During the summer of my freshman year of college I planned to go back to my good ole’ hometown of Kansas City and work for the newspaper, the Kansas City Star. I felt fully confident that come summertime, I would roam the streets of downtown Kansas City walking to my summer internship with the Star. I met with a former editor months before, and my dad had a few connections to help. To me, I had the internship in the bag. I basically thought I was a networking goddess.
My dad played poker with the sports editor from the Kansas City Star and he told my dad just to send him my resume. I sent an email off with a resume and a whole lot of hope. A little over a week later, I opened a reply email from the editor.
I didn’t get it.
My body felt paralyzed. I couldn’t do anything but sit and think about my other options. I depended on this for so long. What did my future hold now? I felt like I couldn’t tell anyone because I basically bragged about already having it. When people asked me about the internship, I felt ashamed to tell what happened. My summer dreams of walking through that beautiful glass building everyday shattered with one email.
It was sad at first to think about not working for a newspaper this summer, but I realized that some things aren’t meant to be. A few weeks later, I got an email from my academic advisor with general information for the summer, class information, deadlines, etc. But I also got information about a student advising assistant position for Summer Welcome‒the University of Missouri’s fancy name for freshman orientation. I thought about staying in Columbia for the summer, but didn’t know where I would stay or where I would work.
Applying for the position, I told myself that if I got it then I would stay at Mizzou this summer. I grew excited about this new opportunity. I loved being at Mizzou, even though it always came second to working at the Star.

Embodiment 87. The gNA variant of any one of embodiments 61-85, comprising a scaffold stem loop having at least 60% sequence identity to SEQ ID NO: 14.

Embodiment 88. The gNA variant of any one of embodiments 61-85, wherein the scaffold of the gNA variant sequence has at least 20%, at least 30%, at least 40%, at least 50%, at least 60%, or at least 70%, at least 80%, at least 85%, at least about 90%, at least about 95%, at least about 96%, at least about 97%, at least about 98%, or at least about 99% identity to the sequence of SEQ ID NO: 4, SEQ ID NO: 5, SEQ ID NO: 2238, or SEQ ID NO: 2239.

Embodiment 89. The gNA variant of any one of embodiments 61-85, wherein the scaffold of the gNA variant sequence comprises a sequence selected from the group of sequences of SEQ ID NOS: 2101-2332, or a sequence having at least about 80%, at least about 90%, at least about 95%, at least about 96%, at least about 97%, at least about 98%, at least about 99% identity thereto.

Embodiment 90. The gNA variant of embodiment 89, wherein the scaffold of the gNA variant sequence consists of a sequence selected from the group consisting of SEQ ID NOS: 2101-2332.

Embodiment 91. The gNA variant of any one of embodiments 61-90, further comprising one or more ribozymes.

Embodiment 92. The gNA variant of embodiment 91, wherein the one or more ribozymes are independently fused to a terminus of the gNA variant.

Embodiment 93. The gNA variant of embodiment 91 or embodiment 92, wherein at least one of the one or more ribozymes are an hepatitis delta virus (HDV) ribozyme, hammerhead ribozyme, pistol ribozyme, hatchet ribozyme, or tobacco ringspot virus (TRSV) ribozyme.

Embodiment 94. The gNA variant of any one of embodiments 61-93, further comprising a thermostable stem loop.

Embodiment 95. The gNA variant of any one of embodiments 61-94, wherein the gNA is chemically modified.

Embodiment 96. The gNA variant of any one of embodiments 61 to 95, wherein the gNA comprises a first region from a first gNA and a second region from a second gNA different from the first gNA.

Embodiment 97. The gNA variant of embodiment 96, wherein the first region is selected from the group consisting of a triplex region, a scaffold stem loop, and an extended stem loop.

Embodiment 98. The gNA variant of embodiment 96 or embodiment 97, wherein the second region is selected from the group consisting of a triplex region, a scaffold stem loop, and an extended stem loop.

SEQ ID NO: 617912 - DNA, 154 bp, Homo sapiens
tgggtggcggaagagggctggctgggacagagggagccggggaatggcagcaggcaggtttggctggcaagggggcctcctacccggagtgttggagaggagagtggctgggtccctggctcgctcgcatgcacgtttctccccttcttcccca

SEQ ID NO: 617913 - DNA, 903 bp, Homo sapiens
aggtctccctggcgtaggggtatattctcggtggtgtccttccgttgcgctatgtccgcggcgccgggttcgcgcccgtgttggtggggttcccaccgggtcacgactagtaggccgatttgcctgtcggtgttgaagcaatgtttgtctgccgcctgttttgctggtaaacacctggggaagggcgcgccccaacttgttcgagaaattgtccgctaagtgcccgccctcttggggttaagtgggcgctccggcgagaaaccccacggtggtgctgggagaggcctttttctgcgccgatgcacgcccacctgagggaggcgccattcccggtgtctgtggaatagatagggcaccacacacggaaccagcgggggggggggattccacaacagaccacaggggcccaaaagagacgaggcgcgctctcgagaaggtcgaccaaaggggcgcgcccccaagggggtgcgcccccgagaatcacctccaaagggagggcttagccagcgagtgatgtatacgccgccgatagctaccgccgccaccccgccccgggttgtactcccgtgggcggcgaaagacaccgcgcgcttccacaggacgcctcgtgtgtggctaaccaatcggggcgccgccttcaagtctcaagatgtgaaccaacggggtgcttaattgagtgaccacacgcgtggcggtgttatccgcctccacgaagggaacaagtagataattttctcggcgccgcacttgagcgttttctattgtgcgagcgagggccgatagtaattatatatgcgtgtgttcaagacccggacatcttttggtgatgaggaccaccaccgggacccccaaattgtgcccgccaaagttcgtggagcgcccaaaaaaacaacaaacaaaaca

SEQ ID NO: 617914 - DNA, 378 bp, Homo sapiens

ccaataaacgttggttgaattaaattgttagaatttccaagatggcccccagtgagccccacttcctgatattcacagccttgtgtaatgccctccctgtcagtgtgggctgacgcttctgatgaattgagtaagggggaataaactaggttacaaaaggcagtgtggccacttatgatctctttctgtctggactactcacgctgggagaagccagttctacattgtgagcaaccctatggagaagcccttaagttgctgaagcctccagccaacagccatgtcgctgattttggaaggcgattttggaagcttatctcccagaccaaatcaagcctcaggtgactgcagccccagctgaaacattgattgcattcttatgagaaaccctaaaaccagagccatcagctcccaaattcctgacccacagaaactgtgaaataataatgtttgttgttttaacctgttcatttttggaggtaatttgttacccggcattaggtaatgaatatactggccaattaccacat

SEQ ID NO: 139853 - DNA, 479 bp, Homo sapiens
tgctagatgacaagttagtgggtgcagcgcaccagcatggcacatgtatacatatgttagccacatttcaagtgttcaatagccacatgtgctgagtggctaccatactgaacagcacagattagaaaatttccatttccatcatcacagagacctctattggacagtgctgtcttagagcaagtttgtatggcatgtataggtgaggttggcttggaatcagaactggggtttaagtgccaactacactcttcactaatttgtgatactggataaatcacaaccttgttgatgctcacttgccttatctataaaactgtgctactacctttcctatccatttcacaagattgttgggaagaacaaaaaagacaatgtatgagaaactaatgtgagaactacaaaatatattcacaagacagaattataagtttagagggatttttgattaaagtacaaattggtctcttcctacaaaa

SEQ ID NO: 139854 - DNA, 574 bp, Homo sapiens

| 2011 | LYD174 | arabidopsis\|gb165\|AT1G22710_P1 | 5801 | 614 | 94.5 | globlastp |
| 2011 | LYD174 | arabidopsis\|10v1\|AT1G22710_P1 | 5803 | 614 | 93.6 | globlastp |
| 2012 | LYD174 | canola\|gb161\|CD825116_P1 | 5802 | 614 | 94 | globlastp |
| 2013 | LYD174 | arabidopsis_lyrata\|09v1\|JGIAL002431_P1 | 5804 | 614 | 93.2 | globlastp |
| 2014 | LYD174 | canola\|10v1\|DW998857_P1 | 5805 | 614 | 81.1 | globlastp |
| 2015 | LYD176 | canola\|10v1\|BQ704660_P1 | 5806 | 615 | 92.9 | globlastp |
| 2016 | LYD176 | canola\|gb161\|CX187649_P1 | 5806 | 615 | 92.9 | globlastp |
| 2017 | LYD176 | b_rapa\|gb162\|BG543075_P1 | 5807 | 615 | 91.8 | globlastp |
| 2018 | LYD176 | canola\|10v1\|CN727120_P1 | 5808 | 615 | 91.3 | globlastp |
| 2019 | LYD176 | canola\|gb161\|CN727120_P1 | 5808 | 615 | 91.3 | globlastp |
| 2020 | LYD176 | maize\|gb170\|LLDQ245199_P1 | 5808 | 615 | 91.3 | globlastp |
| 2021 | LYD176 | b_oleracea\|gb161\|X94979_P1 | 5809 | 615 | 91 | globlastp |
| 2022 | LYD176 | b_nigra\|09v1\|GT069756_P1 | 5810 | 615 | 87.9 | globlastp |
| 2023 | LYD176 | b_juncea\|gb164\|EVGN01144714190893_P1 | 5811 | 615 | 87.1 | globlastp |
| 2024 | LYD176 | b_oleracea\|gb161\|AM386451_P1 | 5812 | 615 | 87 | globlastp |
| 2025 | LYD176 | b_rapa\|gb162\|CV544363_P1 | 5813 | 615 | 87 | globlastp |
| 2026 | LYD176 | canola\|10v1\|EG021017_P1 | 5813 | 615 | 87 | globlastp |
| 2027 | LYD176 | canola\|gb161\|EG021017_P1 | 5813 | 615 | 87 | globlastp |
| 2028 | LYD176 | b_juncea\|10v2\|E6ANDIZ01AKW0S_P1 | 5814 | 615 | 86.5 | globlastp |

A few days passed and I got an email about an interview. I felt ecstatic. I put on the best business-casual outfit in my closet and rocked that interview. The conversation flowed really well and I had good anecdotes for every question the interviewer threw at me. After speaking with the employer, I grew excited about this new opportunity and the people who would be my co-workers.
I didn’t know when I would hear back from them, so I played the waiting game. I stayed glued to my phone, constantly checking my email, waiting to hear back.
A week passed. I thought I didn’t get the job. Beginning to get antsy, I tried to put less pressure on myself. I didn’t want to repeat the job-loss depression I experienced after my rejection from KC Star.
The next day I woke up and checked my emails. Seeing numerous emails in my inbox really disturbs my OCD so I constantly clean out the unnecessary emails. Among my emails that morning, I saw an email from the employe. I got the job! I wore the biggest smile on my face and I couldn’t wait to tell my friends.
But then I panicked, wondering if this was the right choice. Was I supposed to be advising this summer? Should I have tried to find a new, more journalistic position? I wanted to be a journalist since the beginning of high school. I thought college was the time for me to work on my journalism experience, but instead I would work in an advising department.
Luckily, my fears subsided. In helping freshmen sign up for their first semester of college, I found that I really enjoyed making conversation with people who went through the same thing I did. As the summer progressed, my seven co-workers and I got to know each other better and better. I also networked with all of the advisors in the College of Arts and Sciences. They became both contacts and friends. I love seeing these people around campus now, and I wouldn’t have met them if I hadn’t considered this opportunity.
Sometimes bad things need to happen to make room for the better things. Being a summer advising assistant was the right choice for me at the time. I focused so hard on working for the Kansas City Star that I didn’t want to even consider other opportunities.
Now that the summer has come to a close, I’m so glad the KC Star fell through. I made more connections at my university. Plus, I discovered more of Columbia, Missouri, learned more about my school and enjoyed meeting new people every day. I got to constantly connect with new Mizzou students and create relationships with the advisors which I wouldn’t have been able to do in Kansas City.
Turns out that not getting your dream internship sometimes works out better in the long run.